By Marcus Castro
Editor’s Note: This story is part of an ongoing South Kern Sol series of profiles of local social justice activists and organizers.
For Bakersfield activist Moises Duran, working as an organizer with LGBTQ youth has always been personal.
Duran, 27, is an Equality Organizer for the Dolores Huerta Foundation, where he supports LGBTQ young people in their personal and leadership development. Duran did not always know he wanted to work in the social justice field.
He grew up in Mexico and moved to California when he was 18. After earning a Culinary Arts degree to pursue a career in the food industry, he worked in restaurants in the San Francisco Bay Area for five years in before an injury put him out of work.
Without much experience in other fields, Duran began to go through his skillsets to find what was next for him. He decided to pursue being a medical interpreter since he’s fluent in Spanish and English.
That plan was put on hold in 2014, when he had to leave the San Francisco Bay Area, where he was working as a medical interpreter, to move to Bakersfield to support his father, who was experiencing medical issues.
Though he had to leave his new career behind, the move to Bakersfield was a blessing in disguise. He began to volunteer with the Gay and Lesbian Center of Bakersfield, where he helped out with events at first then moved into work he was more interested in, such as suicide prevention.
“It means alot to me to be able to provide help to this community when i have experience in these things personally. Just to be able to be there,” said Duran.
Through recognition of his work with the Gay and Lesbian Center, Duran was referred to a job with the Dolores Huerta Foundation, where he was hired in as an Equality Organizer in January 2016.
“When this position opened up, people were like, ‘Oh my god. You’re doing this work for free. I can only imagine what you can do if you got paid,’” Duran recalled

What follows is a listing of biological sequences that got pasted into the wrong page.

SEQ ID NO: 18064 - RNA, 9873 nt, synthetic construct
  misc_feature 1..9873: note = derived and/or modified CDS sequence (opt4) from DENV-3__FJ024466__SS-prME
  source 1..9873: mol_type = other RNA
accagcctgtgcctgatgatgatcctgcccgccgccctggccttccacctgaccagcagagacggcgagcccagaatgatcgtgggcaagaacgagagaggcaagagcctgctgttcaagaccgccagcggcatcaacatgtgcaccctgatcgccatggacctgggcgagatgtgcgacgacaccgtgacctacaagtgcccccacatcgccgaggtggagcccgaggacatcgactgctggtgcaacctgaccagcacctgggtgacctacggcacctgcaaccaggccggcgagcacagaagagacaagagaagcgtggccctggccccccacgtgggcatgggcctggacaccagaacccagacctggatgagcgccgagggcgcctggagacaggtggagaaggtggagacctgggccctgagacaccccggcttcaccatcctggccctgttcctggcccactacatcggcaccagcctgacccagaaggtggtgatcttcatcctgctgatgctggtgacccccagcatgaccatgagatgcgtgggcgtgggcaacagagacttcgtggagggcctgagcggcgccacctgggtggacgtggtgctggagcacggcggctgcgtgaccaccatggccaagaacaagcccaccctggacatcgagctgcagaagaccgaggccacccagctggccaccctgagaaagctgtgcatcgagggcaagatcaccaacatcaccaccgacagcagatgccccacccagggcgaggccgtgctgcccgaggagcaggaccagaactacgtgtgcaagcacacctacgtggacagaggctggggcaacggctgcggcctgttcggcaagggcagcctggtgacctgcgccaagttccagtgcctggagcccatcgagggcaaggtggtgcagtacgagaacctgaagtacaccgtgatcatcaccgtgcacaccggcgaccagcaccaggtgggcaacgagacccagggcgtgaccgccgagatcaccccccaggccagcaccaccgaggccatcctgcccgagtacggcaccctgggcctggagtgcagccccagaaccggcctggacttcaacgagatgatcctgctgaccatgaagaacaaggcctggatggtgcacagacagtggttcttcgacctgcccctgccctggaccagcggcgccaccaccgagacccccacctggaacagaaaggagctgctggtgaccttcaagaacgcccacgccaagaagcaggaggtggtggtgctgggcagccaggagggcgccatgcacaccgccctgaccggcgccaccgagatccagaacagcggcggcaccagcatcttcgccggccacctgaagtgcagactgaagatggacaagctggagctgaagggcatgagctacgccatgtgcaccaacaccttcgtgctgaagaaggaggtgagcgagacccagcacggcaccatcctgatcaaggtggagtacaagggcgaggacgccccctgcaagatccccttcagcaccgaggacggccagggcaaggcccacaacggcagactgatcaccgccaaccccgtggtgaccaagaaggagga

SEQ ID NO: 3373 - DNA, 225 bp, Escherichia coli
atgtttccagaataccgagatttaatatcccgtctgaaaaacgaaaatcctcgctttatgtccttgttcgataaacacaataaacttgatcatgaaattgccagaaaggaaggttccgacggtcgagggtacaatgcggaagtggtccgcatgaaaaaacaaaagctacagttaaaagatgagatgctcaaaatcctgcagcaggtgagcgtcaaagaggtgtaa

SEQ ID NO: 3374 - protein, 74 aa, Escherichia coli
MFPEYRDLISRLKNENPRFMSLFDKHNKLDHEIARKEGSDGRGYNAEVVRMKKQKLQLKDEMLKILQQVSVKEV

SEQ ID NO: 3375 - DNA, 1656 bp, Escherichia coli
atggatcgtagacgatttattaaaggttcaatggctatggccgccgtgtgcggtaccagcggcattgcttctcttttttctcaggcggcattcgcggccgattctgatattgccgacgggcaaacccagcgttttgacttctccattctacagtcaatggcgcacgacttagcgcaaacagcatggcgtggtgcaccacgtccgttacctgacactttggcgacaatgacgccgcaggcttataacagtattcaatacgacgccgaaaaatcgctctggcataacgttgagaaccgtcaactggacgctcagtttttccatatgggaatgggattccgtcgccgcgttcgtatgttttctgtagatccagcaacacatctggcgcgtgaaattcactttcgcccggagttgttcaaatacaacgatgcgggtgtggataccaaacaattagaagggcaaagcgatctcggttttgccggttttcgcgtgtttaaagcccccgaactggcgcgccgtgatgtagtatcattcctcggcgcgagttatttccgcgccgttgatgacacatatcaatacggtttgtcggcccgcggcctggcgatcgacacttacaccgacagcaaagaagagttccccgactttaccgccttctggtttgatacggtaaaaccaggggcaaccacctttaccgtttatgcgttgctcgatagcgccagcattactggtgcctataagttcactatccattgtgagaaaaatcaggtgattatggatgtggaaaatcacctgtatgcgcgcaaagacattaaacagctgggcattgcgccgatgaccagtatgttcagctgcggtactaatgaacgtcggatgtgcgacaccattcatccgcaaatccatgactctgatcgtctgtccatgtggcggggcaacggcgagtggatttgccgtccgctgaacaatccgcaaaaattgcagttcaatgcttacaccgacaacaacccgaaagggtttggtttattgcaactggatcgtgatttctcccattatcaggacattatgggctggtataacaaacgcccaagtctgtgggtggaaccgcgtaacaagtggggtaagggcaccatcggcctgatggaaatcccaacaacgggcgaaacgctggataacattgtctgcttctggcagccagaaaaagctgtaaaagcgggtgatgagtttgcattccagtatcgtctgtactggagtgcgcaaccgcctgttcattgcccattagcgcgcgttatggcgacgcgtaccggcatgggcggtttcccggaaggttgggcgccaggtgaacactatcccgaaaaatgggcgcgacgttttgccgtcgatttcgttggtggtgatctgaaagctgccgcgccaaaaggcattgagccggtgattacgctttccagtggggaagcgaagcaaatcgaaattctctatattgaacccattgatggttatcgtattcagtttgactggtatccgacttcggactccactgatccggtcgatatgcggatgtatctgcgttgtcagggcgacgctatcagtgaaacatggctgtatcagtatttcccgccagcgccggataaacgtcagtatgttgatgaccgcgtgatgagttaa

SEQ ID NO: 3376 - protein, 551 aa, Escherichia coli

Duran, who is gay, says he is able to work well with the young LGBTQ community because he can empathize with what youth are going through.
“I really like the fact that I get to work directly with communities that I can relate to,” he says.
As an organizer, Duran goes to high schools to help out and provide guidance for LGBTQ students, puts on events with DHF that reaches out to people of the LGBTQ community and supporters of the community, and serves as a leader of a youth group for young people in the LGBTQ community.
Duran’s experience coming out to his religious family was not an easy one.
“I started feeling uncomfortable with myself and my sexuality,” he explains. “I kind of felt pushed away from that [Catholic] community because I didn’t feel that I was welcome, and I didn’t feel like it was the place for me to be because sometimes I wouldn’t even feel safe.”
He was nervous come out to his parents, as he didn’t think they would take it well. He decided to write them a letter and left it up to them to talk when they were ready.
“My mom mostly felt like, ‘Oh, I failed as a mother.’ Then she would say, ‘Maybe if you move back in and we can go see a priest and figure out what you’re going through.’ My dad was more ‘whatever’ about it,” says Duran.
Duran’s aunt, one of the first adults he came out to as gay, provided more support.
“Her response was, ‘God loves you. God made you who you are, and there’s nothing wrong with you.’ That meant a lot to me because she’s very, very religious,” Duran recalls.
Duran sees his work with the LGBTQ community as connected to broader social justice movements in the Bakersfield area, especially the immigrant rights movement.
“All the people that are doing social justice work, even though we’re all working on different things, there’s those points when we unite when we need to, and I think it’s really important to keep that going,” says Duran, adding that he’s proud that the Kern community consistently shows up to advocate for social justice issues.
Duran says one of the most rewarding parts of his job is helping young people find pride within themselves, even when they are going through difficult times similar to what he experienced when he first came out to his family.
“I’m very proud of my sexual orientation,” Duran says. “I’m very proud of the work that I do and the people that I represent.”